From MEpedia, a crowd-sourced encyclopedia of ME and CFS science and history
1-Muscles 2-Joints 3-Headaches 4-Lymph nodes
5-Abdominal 6-Sore throat 7-Eyes 8-Chest pain
Data from: Institute of Medicine 2015 (CDC, Jason et al. 2013b)

Pain in medical diagnosis is regarded as a symptom of an underlying condition. 

Pain in ME/CFS[edit | edit source]

Pain occurs in a wide range of forms in ME/CFS and is typically chronic. These include:

Pain can also occur as a consequence of commonly comorbid illnesses such as migraine, myofascial pain syndrome (MPS), temporomandibular joint syndrome (TMJ), interstitial cystitis, Raynaud's phenomenon, IBS, or from fibromyalgia, which is considered an overlapping syndrome.[1][3]

Pain in fibromyalgia[edit | edit source]

Researchers believe that fibromyalgia (FM) amplifies painful sensations by affecting the way your brain processes pain signals.[4]

Pain in fibromyalgia is commonly referred to as chronic widespread pain (CWP) that is otherwise unexplained, meaning not caused by another medical condition.

Fibromyalgia pain is assessed by a combination of location and frequency: pain must be present at least weekly in each pain location that is counted. Besides pain, additional fibromyalgia symptoms are also required.[5]

Widespread Pain Index[edit | edit source]

Before 2010, a tender point examination was needed to that assessed pain on pressure, but this has now been replaced by the more accurate Widespread Pain Index (WPI). The WPI scores pain in 19 locations:

  • Shoulder girdle - left and right
  • Hip (buttock, trochanter) - left and right
  • Jaw - left and right
  • Upper arm - left and right
  • Upper leg - left and right
  • Lower arm - left and right
  • Lower leg - left and right
  • Upper back
  • Lower back
  • Chest
  • Neck
  • Abdomen

Pain in fibromyalgia must not be explained by another medical condition, and must persist for at least three months, and exist in addition to a combination of other symptoms.[5]

Pain types[edit | edit source]

Types of pain commonly reported in fibromyalgia include:

irritable bowel syndrome, muscle weakness, headache, numbness/tingling, heartburn, painful urination, and bladder spasms

Many people with fibromyalgia will have other painful comorbid conditions such as:

Symptom recognition[edit | edit source]

  • In the Canadian Consensus Criteria, pain is a required criteria for diagnosis. It requires that "there is a significant degree of myalgia. Pain can be experienced in the muscles, and/or joints, and is often widespread and migratory in nature. Often there are significant headaches of new type, pattern or severity."[3][7]:8

Pain is an optional neurological criteria in the International Consensus Criteria, with many different types of pain recognized.[1]

The older Fukuda criteria for chronic fatigue syndrome (1994) recognized sore throat, tender cervical or axillary lymp nodes, headaches and other types of pain but did not require them for diagnosis.[2]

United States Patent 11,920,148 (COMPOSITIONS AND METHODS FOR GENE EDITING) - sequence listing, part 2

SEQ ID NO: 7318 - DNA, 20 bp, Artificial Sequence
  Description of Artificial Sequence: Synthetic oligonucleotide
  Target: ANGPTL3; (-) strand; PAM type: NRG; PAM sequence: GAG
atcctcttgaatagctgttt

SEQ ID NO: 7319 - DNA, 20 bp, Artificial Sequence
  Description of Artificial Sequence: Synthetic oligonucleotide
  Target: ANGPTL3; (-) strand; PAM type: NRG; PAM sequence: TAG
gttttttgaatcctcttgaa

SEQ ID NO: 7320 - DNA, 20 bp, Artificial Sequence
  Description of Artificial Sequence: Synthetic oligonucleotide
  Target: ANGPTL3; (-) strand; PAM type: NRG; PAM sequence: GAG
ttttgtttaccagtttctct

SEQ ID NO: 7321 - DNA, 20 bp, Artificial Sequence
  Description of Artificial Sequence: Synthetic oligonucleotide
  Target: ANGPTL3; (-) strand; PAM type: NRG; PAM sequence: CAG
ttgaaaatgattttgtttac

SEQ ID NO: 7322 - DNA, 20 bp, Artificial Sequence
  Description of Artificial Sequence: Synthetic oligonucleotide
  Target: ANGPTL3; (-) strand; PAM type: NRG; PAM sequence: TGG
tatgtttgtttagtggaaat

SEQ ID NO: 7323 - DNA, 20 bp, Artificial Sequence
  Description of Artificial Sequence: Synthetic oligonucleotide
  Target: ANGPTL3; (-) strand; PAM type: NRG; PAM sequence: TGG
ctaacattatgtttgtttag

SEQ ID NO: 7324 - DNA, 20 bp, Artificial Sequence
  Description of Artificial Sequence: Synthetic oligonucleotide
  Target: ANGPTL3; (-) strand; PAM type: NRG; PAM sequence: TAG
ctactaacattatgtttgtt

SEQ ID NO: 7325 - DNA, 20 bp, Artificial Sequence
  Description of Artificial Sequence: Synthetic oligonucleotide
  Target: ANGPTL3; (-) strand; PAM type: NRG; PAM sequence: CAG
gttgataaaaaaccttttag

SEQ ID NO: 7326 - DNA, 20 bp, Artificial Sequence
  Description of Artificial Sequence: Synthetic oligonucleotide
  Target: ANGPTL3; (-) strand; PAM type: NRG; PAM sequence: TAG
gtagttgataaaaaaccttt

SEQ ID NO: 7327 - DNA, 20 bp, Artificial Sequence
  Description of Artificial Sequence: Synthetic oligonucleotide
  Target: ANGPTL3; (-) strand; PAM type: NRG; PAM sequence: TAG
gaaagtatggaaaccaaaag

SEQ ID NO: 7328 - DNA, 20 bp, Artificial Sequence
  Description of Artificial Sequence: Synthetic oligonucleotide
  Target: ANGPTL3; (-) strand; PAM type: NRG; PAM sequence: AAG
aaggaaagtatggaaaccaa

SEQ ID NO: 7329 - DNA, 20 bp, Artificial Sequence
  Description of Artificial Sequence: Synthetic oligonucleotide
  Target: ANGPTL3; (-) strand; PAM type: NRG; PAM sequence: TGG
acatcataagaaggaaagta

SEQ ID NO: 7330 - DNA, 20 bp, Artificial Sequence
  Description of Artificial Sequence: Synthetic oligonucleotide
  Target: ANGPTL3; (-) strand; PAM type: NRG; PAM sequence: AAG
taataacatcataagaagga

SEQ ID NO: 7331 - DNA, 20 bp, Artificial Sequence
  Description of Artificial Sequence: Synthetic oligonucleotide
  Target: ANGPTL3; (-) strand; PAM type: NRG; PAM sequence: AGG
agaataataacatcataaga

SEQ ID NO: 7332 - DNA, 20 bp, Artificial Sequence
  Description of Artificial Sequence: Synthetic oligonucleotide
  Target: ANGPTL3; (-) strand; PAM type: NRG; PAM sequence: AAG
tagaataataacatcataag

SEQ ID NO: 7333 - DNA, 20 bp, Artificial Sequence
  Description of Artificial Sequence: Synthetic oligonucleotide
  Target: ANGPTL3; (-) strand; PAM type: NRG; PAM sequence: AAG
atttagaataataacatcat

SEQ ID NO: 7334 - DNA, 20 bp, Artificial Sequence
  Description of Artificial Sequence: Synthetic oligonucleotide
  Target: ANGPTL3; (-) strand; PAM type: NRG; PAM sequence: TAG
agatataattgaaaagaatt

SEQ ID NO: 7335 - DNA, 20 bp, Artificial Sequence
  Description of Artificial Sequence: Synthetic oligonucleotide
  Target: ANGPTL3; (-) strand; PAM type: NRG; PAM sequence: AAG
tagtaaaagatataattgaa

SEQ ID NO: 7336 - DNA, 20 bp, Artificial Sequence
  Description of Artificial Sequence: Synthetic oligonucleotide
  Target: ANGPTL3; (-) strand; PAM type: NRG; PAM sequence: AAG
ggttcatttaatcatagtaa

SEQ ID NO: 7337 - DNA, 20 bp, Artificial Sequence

Recording pain[edit | edit source]

The primer for the International Consensus Criteria for ME includes a pain chart and the visual-analogue pain scale.[1]

Notable studies[edit | edit source]

Learn more[edit | edit source]

See also[edit | edit source]

References[edit | edit source]

  1. 1.0 1.1 1.2 1.3 1.4 Carruthers, BM; van de Sande, MI; De Meirleir, KL; Klimas, NG; Broderick, G; Mitchell, T; Staines, D; Powles, ACP; Speight, N; Vallings, R; Bateman, L; Bell, DS; Carlo-Stella, N; Chia, J; Darragh, A; Gerken, A; Jo, D; Lewis, DP; Light, AR; Light, KC; Marshall-Gradisnik, S; McLaren-Howard, J; Mena, I; Miwa, K; Murovska, M; Stevens, SR (2012), Myalgic encephalomyelitis: Adult & Paediatric: International Consensus Primer for Medical Practitioners (PDF), ISBN 978-0-9739335-3-6
  2. 2.0 2.1 Fukuda, K.; Straus, S.E.; Hickie, I.; Sharpe, M.C.; Dobbins, J.G.; Komaroff, A. (December 15, 1994). "The chronic fatigue syndrome: a comprehensive approach to its definition and study. International Chronic Fatigue Syndrome Study Group" (PDF). Annals of Internal Medicine. American College of Physicians. 121 (12): 953–959. ISSN 0003-4819. PMID 7978722.
  3. 3.0 3.1 Carruthers, Bruce M.; Jain, Anil Kumar; De Meirleir, Kenny L.; Peterson, Daniel L.; Klimas, Nancy G.; Lerner, A. Martin; Bested, Alison C.; Flor-Henry, Pierre; Joshi, Pradip; Powles, AC Peter; Sherkey, Jeffrey A.; van de Sande, Marjorie I. (2003), "Myalgic Encephalomyelitis/Chronic Fatigue Syndrome: Clinical Working Case Definition, Diagnostic and Treatment Protocols" (PDF), Journal of Chronic Fatigue Syndrome, 11 (2): 7–115, doi:10.1300/J092v11n01_02
  4. 4.0 4.1 "Fibromyalgia - Symptoms and causes". Mayo Clinic. Retrieved May 3, 2019.
  5. 5.0 5.1 5.2 Wolfe, Frederick; Clauw, Daniel; Fitzcharles, Mary-Ann; Goldenberg, Don; Katz, Robert; Mease, Philip; Russel, Anthony; Russel, I. Jon; Winfield, John; Yunus, Muhammad (May 2010). "American College of Rheumatology (ACR) Preliminary Diagnostic Criteria for Fibromyalgia" (PDF). Arthritis Care & Research (PDF). 62 (5): 600–610. doi:10.1002/acr.20140.
  6. Mann, Denise (September 7, 2011). "7 Conditions Linked to Fibromyalgia". Retrieved May 3, 2019.
  7. A Clinical Case Definition and Guidelines for Medical Practitioners: An Overview of the Canadian Consensus Document (2005).